My guess, without knowing for sure, is that very few of us would choose the surprise option over knowing ahead of time. It’s a different kind of grief that comes from not having the time to say goodbye one last time. Not being able to savor every single moment together before they’re no longer with you.
Basically, we want to see it coming because we want to enjoy every single second we have left with this loved one and really make the most out of it. We want to hug them and kiss them and talk to them. We want to cuddle with the puppy, give them all the treats, and sniff their fur as much as humanly possible.
We want to be prepared for the pain, not to lessen the pain itself, but because we want to enjoy every last second of love before the pain arrives.
“You might not be here tomorrow, so I want to love you 110% today”
A relationship ending
When it comes to a relationship ending, we have a very different view of surprise pain and seeing it coming. We don’t usually say “Hey, I want to know if you’re going to break up with me or cheat on me two months from now so that I can savor every moment we have together.”
If we knew ahead of time that the relationship would end, most of us would probably just end it on the spot. If we were to use the same logic on a loved one dying, it would be like saying “Oh, I found out that you’re going to pass away a year from now, so why not just cut to the chase? Why waste this year enjoying each other’s company and feeling good?”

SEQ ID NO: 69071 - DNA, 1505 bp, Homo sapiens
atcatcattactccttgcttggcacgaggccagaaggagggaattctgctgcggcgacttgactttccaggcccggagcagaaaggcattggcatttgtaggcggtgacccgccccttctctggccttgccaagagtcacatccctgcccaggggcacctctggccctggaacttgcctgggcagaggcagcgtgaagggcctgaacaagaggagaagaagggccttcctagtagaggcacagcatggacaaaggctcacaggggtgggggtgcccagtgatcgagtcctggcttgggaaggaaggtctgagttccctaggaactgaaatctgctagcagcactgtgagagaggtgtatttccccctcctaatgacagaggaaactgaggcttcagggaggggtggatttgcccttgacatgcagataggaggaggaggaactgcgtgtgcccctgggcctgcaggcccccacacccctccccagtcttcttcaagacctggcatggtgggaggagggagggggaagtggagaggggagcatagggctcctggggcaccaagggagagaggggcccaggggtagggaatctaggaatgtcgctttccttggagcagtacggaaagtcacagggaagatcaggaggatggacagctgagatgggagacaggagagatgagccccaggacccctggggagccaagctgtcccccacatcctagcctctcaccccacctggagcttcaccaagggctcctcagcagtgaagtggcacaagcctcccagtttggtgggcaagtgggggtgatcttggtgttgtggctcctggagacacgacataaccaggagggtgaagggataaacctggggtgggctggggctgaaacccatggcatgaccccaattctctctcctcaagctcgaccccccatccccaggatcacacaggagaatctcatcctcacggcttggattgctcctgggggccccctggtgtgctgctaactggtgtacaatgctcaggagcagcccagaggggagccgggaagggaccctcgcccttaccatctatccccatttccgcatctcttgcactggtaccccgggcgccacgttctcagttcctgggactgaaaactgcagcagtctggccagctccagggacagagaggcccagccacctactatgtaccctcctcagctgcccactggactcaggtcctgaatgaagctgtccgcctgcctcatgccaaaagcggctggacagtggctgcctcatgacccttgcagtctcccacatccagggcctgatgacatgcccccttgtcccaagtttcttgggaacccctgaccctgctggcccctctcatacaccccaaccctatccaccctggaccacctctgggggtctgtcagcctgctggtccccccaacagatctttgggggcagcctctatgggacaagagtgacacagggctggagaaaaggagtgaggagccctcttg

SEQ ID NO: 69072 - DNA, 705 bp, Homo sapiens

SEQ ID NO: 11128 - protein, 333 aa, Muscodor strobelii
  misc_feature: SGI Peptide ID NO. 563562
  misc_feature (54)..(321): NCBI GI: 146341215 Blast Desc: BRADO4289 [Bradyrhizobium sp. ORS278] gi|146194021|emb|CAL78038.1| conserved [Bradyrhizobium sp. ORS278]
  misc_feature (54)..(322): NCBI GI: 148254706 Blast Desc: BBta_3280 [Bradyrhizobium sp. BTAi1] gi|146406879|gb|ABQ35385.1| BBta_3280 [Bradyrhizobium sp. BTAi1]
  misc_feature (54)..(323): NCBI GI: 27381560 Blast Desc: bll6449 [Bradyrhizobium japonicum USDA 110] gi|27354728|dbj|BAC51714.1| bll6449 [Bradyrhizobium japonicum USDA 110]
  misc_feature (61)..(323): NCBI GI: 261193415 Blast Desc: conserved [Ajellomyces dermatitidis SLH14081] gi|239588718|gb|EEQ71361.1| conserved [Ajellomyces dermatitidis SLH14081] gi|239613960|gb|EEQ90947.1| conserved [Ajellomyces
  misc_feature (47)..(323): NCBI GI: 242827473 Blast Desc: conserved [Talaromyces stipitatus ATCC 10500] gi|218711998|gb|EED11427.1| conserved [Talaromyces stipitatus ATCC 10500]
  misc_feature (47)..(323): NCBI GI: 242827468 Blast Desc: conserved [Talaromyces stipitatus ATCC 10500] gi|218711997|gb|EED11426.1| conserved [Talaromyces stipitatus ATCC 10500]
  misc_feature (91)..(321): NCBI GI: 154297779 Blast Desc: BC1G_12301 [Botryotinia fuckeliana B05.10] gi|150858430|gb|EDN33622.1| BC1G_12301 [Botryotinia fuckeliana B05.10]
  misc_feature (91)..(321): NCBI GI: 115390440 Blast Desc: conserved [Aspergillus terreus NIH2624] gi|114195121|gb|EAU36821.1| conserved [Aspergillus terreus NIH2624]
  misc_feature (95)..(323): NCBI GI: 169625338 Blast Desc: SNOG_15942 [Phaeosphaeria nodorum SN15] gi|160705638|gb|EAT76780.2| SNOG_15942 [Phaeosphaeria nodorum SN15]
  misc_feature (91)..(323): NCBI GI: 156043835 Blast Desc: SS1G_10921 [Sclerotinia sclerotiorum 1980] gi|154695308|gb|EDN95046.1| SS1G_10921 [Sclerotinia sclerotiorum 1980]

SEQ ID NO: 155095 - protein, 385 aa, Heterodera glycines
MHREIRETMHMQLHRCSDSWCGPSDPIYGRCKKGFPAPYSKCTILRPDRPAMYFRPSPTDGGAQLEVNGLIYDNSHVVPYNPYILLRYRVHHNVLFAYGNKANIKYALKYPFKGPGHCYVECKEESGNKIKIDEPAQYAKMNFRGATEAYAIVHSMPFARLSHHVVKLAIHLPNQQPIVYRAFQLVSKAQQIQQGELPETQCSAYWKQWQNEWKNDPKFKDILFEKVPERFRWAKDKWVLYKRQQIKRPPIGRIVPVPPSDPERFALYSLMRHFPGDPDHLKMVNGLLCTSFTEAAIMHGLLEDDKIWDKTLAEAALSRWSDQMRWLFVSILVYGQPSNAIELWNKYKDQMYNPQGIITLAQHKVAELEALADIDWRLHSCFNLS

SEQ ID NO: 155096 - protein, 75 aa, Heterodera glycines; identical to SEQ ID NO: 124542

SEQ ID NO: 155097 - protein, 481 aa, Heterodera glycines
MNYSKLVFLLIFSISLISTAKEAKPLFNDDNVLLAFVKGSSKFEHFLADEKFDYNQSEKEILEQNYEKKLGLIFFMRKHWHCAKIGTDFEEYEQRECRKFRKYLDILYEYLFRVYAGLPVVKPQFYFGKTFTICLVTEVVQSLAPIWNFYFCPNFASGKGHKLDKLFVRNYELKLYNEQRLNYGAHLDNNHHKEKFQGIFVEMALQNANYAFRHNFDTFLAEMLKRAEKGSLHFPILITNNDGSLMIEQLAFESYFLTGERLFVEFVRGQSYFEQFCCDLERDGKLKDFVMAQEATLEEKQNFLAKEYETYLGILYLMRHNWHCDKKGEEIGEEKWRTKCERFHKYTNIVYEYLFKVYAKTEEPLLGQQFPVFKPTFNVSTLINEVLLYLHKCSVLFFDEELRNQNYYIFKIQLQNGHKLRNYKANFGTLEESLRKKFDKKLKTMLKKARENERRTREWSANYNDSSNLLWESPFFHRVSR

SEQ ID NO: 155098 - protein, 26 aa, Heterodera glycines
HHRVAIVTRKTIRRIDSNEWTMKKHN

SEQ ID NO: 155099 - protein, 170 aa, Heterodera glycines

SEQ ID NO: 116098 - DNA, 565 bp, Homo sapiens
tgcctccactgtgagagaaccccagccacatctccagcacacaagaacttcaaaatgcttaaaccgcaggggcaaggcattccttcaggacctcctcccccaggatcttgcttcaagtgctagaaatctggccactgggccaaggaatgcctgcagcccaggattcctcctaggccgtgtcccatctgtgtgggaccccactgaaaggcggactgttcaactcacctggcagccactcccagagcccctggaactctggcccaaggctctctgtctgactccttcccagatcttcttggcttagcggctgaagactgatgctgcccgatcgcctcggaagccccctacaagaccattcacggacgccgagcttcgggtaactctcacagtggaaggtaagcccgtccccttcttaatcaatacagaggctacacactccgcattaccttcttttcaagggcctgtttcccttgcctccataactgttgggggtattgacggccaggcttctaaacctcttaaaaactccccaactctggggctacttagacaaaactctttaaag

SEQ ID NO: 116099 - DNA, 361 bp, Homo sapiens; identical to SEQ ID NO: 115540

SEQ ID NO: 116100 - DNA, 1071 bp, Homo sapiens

At the core, I think we all have this idea that a successful relationship lasts forever, and if a relationship ends it was a failure and a waste of time. I know that you intellectually can see the value in relationships even if they do end, but despite this, we judge past happiness in a relationship if something goes wrong.
“I don’t want to be “fake” happy and in love all this time if you’re going to break up with me or cheat on me anyway. I want to feel real feelings so I need to make sure this is real and not pretend.”
But the truth is that even if you’re happy and in love for 6 months while your partner is cheating on you, your feelings are real. Your feelings aren’t “wrong” or “incorrect.” They are exactly what they’re supposed to be.
The biggest mistake we make when we are surprised by the pain of a relationship ending is that we look back into the past and judge how we felt. We judge what we knew and didn’t know. We judge ourselves for not seeing it coming.
Being happy right up until the day you find out about something that happened and then being sad is not an error. It’s exactly how it should be.
What’s the difference?